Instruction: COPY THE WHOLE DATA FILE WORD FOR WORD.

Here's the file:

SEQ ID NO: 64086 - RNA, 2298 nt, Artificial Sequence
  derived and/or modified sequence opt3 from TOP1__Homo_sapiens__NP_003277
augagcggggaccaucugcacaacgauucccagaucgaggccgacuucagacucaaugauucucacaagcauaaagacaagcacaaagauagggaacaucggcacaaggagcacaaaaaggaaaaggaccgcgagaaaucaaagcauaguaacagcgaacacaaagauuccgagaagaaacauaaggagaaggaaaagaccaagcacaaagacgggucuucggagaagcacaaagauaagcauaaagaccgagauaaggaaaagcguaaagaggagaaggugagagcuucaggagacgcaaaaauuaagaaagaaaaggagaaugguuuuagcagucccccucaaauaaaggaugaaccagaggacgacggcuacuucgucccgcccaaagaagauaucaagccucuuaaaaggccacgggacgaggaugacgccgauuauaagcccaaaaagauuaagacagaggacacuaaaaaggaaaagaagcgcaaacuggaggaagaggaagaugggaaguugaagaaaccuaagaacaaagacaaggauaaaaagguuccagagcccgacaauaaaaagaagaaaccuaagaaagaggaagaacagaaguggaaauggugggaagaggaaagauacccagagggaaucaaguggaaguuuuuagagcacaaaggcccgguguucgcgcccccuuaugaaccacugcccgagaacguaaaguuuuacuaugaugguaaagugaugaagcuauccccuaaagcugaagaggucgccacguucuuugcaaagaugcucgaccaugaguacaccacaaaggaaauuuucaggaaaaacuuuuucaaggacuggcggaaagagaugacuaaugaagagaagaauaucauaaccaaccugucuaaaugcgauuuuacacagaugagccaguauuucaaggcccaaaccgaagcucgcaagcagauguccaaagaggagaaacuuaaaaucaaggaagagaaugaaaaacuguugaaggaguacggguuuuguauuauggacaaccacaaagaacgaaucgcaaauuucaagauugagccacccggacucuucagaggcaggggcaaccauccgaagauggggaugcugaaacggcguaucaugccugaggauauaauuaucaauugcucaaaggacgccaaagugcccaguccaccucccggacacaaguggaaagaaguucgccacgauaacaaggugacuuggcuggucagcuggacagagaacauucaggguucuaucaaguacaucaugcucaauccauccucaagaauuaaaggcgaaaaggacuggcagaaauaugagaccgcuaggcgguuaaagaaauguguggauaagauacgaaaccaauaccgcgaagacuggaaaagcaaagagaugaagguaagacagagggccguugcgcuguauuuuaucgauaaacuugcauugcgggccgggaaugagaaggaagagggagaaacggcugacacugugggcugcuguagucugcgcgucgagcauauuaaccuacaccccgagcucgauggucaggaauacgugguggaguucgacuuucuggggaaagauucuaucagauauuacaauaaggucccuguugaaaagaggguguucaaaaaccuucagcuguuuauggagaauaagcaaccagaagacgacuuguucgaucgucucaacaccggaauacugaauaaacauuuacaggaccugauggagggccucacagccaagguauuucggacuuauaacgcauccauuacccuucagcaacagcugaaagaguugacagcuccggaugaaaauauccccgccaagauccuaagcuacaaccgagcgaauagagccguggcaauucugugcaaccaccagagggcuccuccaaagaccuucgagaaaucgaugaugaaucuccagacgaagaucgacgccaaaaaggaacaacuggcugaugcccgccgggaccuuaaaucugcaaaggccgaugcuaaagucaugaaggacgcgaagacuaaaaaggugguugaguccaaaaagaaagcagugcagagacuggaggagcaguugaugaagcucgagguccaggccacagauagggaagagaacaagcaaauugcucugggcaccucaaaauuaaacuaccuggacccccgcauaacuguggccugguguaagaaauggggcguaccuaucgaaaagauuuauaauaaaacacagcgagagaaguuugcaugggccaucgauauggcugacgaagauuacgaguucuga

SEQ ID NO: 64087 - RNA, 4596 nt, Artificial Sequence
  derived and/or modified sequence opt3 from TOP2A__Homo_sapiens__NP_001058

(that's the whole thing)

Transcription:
SEQ ID NO: 64086 - RNA, 2298 nt, Artificial Sequence
  derived and/or modified sequence opt3 from TOP1__Homo_sapiens__NP_003277
augagcggggaccaucugcacaacgauucccagaucgaggccgacuucagacucaaugauucucacaagcauaaagacaagcacaaagauagggaacaucggcacaaggagcacaaaaaggaaaaggaccgcgagaaaucaaagcauaguaacagcgaacacaaagauuccgagaagaaacauaaggagaaggaaaagaccaagcacaaagacgggucuucggagaagcacaaagauaagcauaaagaccgagauaaggaaaagcguaaagaggagaaggugagagcuucaggagacgcaaaaauuaagaaagaaaaggagaaugguuuuagcagucccccucaaauaaaggaugaaccagaggacgacggcuacuucgucccgcccaaagaagauaucaagccucuuaaaaggccacgggacgaggaugacgccgauuauaagcccaaaaagauuaagacagaggacacuaaaaaggaaaagaagcgcaaacuggaggaagaggaagaugggaaguugaagaaaccuaagaacaaagacaaggauaaaaagguuccagagcccgacaauaaaaagaagaaaccuaagaaagaggaagaacagaaguggaaauggugggaagaggaaagauacccagagggaaucaaguggaaguuuuuagagcacaaaggcccgguguucgcgcccccuuaugaaccacugcccgagaacguaaaguuuuacuaugaugguaaagugaugaagcuauccccuaaagcugaagaggucgccacguucuuugcaaagaugcucgaccaugaguacaccacaaaggaaauuuucaggaaaaacuuuuucaaggacuggcggaaagagaugacuaaugaagagaagaauaucauaaccaaccugucuaaaugcgauuuuacacagaugagccaguauuucaaggcccaaaccgaagcucgcaagcagauguccaaagaggagaaacuuaaaaucaaggaagagaaugaaaaacuguugaaggaguacggguuuuguauuauggacaaccacaaagaacgaaucgcaaauuucaagauugagccacccggacucuucagaggcaggggcaaccauccgaagauggggaugcugaaacggcguaucaugccugaggauauaauuaucaauugcucaaaggacgccaaagugcccaguccaccucccggacacaaguggaaagaaguucgccacgauaacaaggugacuuggcuggucagcuggacagagaacauucaggguucuaucaaguacaucaugcucaauccauccucaagaauuaaaggcgaaaaggacuggcagaaauaugagaccgcuaggcgguuaaagaaauguguggauaagauacgaaaccaauaccgcgaagacuggaaaagcaaagagaugaagguaagacagagggccguugcgcuguauuuuaucgauaaacuugcauugcgggccgggaaugagaaggaagagggagaaacggcugacacugugggcugcuguagucugcgcgucgagcauauuaaccuacaccccgagcucgauggucaggaauacgugguggaguucgacuuucuggggaaagauucuaucagauauuacaauaaggucccuguugaaaagaggguguucaaaaaccuucagcuguuuauggagaauaagcaaccagaagacgacuuguucgaucgucucaacaccggaauacugaauaaacauuuacaggaccugauggagggccucacagccaagguauuucggacuuauaacgcauccauuacccuucagcaacagcugaaagaguugacagcuccggaugaaaauauccccgccaagauccuaagcuacaaccgagcgaauagagccguggcaauucugugcaaccaccagagggcuccuccaaagaccuucgagaaaucgaugaugaaucuccagacgaagaucgacgccaaaaaggaacaacuggcugaugcccgccgggaccuuaaaucugcaaaggccgaugcuaaagucaugaaggacgcgaagacuaaaaaggugguugaguccaaaaagaaagcagugcagagacuggaggagcaguugaugaagcucgagguccaggccacagauagggaagagaacaagcaaauugcucugggcaccucaaaauuaaacuaccuggacccccgcauaacuguggccugguguaagaaauggggcguaccuaucgaaaagauuuauaauaaaacacagcgagagaaguuugcaugggccaucgauauggcugacgaagauuacgaguucuga

SEQ ID NO: 64087 - RNA, 4596 nt, Artificial Sequence
  derived and/or modified sequence opt3 from TOP2A__Homo_sapiens__NP_001058